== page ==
Additonally, on page 274 of the Musee Rodin’s published Bronzes of Rodin by Antoinette Le Normand Romain, The Creator is listed as having “eleven cast by Fonder de Coubertin, from 1983”and “Signed A. Rodin.”[FN 46]

Auguste Rodin died in 1917, along with his ability to sign.


Regardless, in 1984, Auguste Rodin [d 1917] died 67 years earlier. The Rodin, Portraits of a Lifetime, just not Auguste Rodin's lifetime.







1992 - 14 OF 15 Posthumous Forgeries

On page 182, of the Iris and B. Gerald Cantor Foundation's published 2001 Rodin, A Magnificent Obsession catalogue, the above  Claude Lorrain is listed as 1880, Musee Rodin cast 5/8 in 1992, Bronze, Coubertin, 84 1/2 x 42 1/2 x 46 in. (214.6 x 108 x 116.8 cm), Signed and numbered A. Rodin No. 5/8 with Coubertin foundry mark and inscribed © By Musee Rodin 1992. Iris and B. Gerald Cantor Collection, promised gift to the Iris and B. Gerald Cantor Foundation, 1572.[FN 47]

Additionally, on page 486 of the Musee Rodin’s published Bronzes of Rodin by Antoinette Le Normand Romain, Claude Lorrain is listed as having one “cast by Griffoul & Lorge“ in 1892 and “ten casts by Fonderie de Coubertin, from 1983” and “Signed A. Rodin.”[FN 48]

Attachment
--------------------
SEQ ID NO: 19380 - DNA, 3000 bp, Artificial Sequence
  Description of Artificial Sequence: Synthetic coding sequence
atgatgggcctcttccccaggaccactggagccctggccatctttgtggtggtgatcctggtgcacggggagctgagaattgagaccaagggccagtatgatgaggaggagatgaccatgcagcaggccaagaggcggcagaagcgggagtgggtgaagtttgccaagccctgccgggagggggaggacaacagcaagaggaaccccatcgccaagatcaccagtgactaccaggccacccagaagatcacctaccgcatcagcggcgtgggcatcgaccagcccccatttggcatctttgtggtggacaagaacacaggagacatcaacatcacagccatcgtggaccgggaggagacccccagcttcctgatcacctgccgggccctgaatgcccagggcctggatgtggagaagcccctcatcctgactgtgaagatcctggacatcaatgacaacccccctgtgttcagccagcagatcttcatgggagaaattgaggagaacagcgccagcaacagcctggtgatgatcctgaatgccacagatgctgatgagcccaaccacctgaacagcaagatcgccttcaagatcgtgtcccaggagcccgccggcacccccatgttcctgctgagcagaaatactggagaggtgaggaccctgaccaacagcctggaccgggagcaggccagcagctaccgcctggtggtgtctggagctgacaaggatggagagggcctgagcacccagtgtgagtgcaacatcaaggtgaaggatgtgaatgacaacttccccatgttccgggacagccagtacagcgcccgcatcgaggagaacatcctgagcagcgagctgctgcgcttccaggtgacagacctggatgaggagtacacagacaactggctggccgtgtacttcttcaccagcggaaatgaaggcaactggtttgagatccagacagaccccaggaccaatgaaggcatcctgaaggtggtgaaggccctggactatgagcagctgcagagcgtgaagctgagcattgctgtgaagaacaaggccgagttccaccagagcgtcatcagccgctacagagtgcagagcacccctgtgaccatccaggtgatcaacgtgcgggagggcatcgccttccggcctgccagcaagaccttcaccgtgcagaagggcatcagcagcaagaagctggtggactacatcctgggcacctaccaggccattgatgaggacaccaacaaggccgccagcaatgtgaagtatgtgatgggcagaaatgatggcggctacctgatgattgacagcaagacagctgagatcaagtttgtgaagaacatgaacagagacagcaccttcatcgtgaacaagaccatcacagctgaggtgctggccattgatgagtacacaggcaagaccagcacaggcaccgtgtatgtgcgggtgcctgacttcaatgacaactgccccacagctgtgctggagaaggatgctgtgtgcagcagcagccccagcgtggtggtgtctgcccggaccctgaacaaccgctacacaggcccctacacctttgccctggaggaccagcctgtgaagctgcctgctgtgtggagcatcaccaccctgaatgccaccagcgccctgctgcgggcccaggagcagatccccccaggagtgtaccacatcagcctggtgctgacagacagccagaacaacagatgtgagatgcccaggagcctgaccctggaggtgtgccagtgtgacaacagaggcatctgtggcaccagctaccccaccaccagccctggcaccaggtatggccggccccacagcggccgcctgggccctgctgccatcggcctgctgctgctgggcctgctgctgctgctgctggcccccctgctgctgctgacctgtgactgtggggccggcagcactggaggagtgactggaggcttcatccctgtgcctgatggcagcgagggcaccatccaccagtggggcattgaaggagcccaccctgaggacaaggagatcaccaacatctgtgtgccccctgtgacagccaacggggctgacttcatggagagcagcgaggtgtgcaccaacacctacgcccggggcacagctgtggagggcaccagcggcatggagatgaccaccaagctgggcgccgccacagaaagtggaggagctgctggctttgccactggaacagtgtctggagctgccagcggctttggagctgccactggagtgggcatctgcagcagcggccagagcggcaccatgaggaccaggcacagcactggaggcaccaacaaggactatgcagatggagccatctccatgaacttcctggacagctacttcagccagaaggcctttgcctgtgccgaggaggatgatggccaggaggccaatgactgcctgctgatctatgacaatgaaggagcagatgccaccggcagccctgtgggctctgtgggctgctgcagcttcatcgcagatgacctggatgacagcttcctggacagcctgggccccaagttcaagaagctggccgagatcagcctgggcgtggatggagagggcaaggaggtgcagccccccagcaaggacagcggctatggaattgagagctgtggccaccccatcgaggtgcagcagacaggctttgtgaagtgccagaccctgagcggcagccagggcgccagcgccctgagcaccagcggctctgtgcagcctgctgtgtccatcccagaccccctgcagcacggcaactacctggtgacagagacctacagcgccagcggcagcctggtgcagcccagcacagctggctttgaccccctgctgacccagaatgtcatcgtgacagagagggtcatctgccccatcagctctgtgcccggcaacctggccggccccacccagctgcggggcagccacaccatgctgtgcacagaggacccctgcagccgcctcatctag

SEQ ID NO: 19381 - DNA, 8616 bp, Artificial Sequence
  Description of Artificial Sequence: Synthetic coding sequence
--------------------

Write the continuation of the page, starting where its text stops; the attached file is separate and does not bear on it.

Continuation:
Except for the lifetime cast by Griffon & Lorge, Auguste Rodin’s signing days died in 1917 some sixty-six years prior to 1983 and forty-six years prior to the Coubertin foundry’s going into business in 1963.


Regardless, in 1992, Auguste Rodin [d 1917] died 75 years earlier. The Rodin, Portraits of a Lifetime, just not Auguste Rodin's lifetime.









199315 OF 15 Posthumous Forgeries

On page 182, of the Iris and B. Gerald Cantor Foundation's published 2001 Rodin, A Magnificent Obsession catalogue, the above  Bust of Mrs. Russell is listed as 1888, Musee Rodin cast II in 1993, Bronze, George Rudier, 13 3/4 x 10 x 10 1/4 in. (34.9 x 25.4 x 26 cm), Signed and numbered A. Rodin No. II and inscribed Georges Rudier Fondeur Paris, Iris and B. Gerald Cantor Collection, promised gift to the Iris and B. Gerald Cantor Foundation, 1611. [FN 49]

Additionally, on page 1386 in the Seventh Edition of Black’s Law Dictionary, signature is defined as: “a person’s name or mark written by that person or at the person’s direction.”[FN 50]

In 1993, much less in 1963 to 1992 with the prior fourteen forgeries, Auguste Rodin could not have applied his name or mark and certainly not at his direction. The dead don’t give directions.

Regardless, in 1993, Auguste Rodin [d 1917] died 76 years earlier. The Rodin, Portraits of a Lifetime, just not Auguste Rodin's lifetime.